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Biol Reprod. 1997 Feb;56(2):320-7.

Why did the sperm cross the cumulus? To get to the oocyte. Functions of the sperm surface proteins PH-20 and fertilin in arriving at, and fusing with, the egg.

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Department of Cell Biology and Human Anatomy, University of California Davis, 95616, USA.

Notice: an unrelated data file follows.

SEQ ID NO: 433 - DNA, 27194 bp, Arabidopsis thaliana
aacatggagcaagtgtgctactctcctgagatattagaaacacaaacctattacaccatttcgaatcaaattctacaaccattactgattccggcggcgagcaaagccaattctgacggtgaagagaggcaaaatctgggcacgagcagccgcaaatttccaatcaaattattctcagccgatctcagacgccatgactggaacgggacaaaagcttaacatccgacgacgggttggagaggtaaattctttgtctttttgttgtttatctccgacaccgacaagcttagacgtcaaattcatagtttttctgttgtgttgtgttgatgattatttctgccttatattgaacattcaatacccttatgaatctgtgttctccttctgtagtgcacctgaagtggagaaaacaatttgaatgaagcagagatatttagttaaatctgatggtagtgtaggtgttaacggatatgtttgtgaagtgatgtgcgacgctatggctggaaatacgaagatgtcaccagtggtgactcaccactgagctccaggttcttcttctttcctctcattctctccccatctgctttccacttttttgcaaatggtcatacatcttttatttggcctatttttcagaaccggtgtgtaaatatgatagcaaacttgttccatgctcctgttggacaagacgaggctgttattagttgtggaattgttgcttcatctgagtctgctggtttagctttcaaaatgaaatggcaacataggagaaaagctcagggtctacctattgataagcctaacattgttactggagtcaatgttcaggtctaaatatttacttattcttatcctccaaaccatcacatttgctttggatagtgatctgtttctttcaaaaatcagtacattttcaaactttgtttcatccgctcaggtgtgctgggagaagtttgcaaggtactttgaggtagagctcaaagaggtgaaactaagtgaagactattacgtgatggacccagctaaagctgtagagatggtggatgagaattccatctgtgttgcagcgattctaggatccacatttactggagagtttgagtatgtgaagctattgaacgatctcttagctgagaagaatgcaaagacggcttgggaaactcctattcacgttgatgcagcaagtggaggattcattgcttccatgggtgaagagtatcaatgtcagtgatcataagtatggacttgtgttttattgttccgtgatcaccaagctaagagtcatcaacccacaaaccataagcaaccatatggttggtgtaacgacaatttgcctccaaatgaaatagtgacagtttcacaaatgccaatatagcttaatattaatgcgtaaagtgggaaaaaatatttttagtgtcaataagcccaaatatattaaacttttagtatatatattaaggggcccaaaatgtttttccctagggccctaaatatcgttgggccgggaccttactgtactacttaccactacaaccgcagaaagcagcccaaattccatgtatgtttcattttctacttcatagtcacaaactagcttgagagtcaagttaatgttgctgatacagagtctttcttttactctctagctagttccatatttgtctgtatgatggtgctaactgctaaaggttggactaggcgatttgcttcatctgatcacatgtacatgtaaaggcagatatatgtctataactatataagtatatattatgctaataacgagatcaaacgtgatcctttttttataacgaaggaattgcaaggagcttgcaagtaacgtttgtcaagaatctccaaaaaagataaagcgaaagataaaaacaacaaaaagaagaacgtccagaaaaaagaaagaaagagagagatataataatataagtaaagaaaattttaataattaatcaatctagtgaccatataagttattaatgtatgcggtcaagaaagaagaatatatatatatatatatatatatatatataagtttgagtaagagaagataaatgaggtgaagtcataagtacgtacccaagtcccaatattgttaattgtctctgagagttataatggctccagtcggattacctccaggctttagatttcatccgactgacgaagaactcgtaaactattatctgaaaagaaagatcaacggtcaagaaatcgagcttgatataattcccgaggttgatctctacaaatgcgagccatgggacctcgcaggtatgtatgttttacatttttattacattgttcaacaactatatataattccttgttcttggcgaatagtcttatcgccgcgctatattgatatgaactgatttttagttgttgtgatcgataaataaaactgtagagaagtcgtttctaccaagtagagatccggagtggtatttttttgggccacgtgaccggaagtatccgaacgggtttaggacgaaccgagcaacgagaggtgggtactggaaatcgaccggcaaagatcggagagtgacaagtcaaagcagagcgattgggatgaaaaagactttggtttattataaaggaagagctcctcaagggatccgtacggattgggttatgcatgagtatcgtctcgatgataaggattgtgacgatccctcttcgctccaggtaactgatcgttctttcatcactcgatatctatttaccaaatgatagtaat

The sperm surface has an active role in the events of fertilization. The definition of the sperm surface in both its composition and domain organization begins during spermatogenesis and continues until the moment of sperm-egg fusion. Alterations of the surface proceed as a result of internal programming and environmental cues from both the male and female reproductive tracts, including interactions with the egg itself. We have investigated the sperm surface to understand its domain organization and the ongoing changes in this organization as well as the role of specific surface proteins in fertilization. Much of our research has concentrated on two surface proteins: PH-20 and fertilin. PH-20 is a single-chain protein, anchored in the membrane via a glycosyl phosphatidylinositol (GPI) anchor. The N-terminal domain of the molecule has a hyaluronidase activity. The hyaluronidase activity of PH-20 on the sperm plasma membrane enables sperm to penetrate the layer of cumulus cells surrounding the oocyte. PH-20 has a second function, unrelated to its hyaluronidase activity, in the binding of acrosome-reacted sperm to the zona pellucida (secondary sperm-zona binding). The fertilin molecule is an alpha,beta heterodimer whose two subunits are closely related transmembrane proteins. Fertilin beta has a disintegrin domain that has high sequence homology with the snake disintegrins, a known class of soluble integrin ligands. The binding site of the beta disintegrin domain functions to bind sperm to the egg plasma membrane via a mechanism that leads to sperm-egg fusion. The precursor of fertilin alpha, made in the testis, has an active metalloprotease site that could function in spermatogenesis. This metalloprotease domain is removed by proteolytic processing in the testis. Mature fertilin alpha on sperm also has a hydrophobic, putative "fusion peptide" that may promote the process of lipid bilayer fusion between sperm and egg plasma membranes. Fertilin alpha and beta are the first identified members of a new gene family of transmembrane proteins, the ADAM family, so called because they contain A Disintegrin And Metalloprotease domain. Many distinct ADAMs have now been found in diverse tissues and species (Drosophila to human) and are proposed to have a variety of functions in development and the adult. In addition to fertilin, other ADAMs are also present on the sperm plasma membrane and may participate with fertilin in sperm-egg fusion.

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